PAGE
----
Several media buyers also shared Uecker’s concerns.
ComScore’s system can determine which households are watching which TVs, and can tell you who lives in the household. But unlike Nielsen’s system—which in some cases requires TV watchers to log into their devices—ComScore’s system can’t tell who in the household is watching and who isn’t. So everyone is counted as watching.
“ComScore is using hardware that simply isn’t designed for gathering and calculating TV viewership,” said Kelly Abcarian, Nielsen’s senior vice president of product leadership. “Nielsen is using equipment designed for just that purpose.”
It’s difficult to tell if any one station benefits from the ComScore rankings compared to Nielsen’s. While the companies use different methodologies to gather data, 1 rating point in either company’s rating system equals 10,863 central Indiana households, or a little more than 1.1 million across the country in the case of national programming.
But some ad buyers say ComScore ratings tend to be higher than Nielsen’s, and they’re concerned that could inflate the cost of TV ads under the cost-per-point system.
Despite the questions surrounding its services, ComScore’s growth is undeniable. Company officials said they have deals with 685 TV stations and 140 ad agencies. Most of those have been signed over the last couple of years.
“That’s a serious chunk of business,” said Promotus Advertising’s Bryant. “They’re serving notice. They’re for real.”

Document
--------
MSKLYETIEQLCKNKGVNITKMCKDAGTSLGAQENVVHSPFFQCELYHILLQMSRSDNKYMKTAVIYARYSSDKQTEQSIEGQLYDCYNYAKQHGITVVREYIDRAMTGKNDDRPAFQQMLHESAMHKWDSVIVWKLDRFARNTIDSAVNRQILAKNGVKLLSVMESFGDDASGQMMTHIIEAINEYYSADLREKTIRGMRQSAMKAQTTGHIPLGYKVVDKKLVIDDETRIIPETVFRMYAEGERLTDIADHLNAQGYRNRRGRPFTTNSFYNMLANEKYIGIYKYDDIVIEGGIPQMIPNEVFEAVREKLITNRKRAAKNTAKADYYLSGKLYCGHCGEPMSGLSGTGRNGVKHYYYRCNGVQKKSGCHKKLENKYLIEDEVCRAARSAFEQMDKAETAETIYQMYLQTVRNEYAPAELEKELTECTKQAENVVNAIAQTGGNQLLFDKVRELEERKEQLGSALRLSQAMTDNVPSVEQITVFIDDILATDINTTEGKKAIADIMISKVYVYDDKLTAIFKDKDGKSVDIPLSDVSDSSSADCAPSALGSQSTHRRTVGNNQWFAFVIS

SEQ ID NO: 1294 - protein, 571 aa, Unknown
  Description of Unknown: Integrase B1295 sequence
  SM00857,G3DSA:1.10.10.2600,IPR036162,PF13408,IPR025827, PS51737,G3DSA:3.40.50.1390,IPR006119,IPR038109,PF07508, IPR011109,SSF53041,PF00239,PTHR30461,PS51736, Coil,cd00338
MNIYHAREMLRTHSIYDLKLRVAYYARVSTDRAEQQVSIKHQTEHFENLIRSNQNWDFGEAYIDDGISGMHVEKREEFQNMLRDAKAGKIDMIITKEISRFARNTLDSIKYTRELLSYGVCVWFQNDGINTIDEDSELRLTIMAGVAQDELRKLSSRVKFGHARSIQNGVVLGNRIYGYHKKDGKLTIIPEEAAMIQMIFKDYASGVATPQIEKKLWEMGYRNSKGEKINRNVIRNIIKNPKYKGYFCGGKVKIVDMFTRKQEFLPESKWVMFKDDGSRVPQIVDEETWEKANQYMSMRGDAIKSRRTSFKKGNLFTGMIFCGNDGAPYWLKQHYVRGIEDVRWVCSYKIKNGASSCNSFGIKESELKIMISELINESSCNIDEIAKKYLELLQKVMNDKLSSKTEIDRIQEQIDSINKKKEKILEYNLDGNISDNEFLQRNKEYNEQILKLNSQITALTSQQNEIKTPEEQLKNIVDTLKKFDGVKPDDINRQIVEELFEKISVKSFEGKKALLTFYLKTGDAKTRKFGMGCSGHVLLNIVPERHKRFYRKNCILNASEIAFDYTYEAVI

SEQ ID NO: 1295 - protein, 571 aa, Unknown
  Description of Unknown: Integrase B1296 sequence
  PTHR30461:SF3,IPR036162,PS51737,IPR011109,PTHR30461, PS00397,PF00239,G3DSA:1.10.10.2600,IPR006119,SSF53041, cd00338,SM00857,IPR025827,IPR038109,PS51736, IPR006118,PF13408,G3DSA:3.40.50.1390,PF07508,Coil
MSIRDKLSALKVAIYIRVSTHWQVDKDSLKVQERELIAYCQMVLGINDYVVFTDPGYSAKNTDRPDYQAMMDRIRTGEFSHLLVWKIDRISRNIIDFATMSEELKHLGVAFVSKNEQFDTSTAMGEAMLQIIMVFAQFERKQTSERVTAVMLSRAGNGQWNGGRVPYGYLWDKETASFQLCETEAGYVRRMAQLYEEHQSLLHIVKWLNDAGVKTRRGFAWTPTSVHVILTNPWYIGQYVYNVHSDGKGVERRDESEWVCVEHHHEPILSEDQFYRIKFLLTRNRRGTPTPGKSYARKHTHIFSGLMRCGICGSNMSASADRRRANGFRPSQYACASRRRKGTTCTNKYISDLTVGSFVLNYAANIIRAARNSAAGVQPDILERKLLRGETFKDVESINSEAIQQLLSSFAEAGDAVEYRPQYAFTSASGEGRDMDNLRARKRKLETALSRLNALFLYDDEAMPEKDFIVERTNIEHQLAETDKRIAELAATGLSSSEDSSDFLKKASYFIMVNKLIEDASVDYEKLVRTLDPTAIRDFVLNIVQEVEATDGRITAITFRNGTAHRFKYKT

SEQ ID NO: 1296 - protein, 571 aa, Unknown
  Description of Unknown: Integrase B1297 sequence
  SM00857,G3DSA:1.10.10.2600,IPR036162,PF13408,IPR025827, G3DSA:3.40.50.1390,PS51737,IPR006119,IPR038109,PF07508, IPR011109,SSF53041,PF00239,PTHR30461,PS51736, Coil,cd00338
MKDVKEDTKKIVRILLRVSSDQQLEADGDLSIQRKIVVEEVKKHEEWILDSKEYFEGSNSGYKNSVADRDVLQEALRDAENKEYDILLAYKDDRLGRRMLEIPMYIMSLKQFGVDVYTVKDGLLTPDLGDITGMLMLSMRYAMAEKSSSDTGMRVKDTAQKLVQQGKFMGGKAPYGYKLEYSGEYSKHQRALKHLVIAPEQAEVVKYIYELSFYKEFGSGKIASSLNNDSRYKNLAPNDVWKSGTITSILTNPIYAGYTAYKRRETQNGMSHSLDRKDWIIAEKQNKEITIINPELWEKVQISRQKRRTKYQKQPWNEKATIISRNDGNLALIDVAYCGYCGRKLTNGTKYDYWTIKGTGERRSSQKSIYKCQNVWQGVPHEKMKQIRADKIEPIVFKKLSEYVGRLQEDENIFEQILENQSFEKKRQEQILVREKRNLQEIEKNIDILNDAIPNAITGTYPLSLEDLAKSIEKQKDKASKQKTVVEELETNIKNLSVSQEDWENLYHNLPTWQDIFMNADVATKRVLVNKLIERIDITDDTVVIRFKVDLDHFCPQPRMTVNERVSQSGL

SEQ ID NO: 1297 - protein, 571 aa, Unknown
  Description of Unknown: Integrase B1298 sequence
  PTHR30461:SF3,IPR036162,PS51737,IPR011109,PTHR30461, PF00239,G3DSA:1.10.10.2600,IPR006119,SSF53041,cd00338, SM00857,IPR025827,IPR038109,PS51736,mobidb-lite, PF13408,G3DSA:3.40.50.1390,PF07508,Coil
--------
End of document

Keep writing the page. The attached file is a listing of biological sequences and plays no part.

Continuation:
That growth, said industry sources, is causing Nielsen to make rapid changes.
Already in the Indianapolis market, Nielsen has retired the old pen-and-paper diary system that many derided as wholly inaccurate. Nielsen officials said that, by the end of next year, the diary system will be retired in all markets.
Nielsen is also promising to grow the number of households it’s in with a proprietary electronic measurement system. Nielsen officials told IBJ they plan to soon double the number of central Indiana households they measure. The company also is working—through its market research subsidiary Scarborough Research—to provide clients more and better demographic data and also include viewers’ buying habits in its offerings.
And last year, Nielsen rolled out Total Audience Measurement to track viewing on all platforms, including the internet, video-on-demand and devices such as gaming systems that double as Netflix receivers.
“Nielsen has been the trusted name that represents the entire marketplace for many years,” Abcarian told IBJ. “There’s a lot more involved than mere data collection. There’s a big difference in using numbers for analytics as opposed to using them to make ad buying and [TV] programming decisions. Nielsen has long been the currency on which the TV industry has traded, and we are confident that we will continue to bring that kind of rigor to the marketplace across all platforms.”
Despite Nielsen’s recent advances, ComScore’s Livek compares the firm to the American automaker of the 1970s and 1980s. “They were dumb, fat and happy,” he said.
“The incumbent—until pushed—rarely innovates in anything,” he added. “There was an unmet need in this market and we met the unmet need. ... We’re here to change the way this market thinks and acts.”•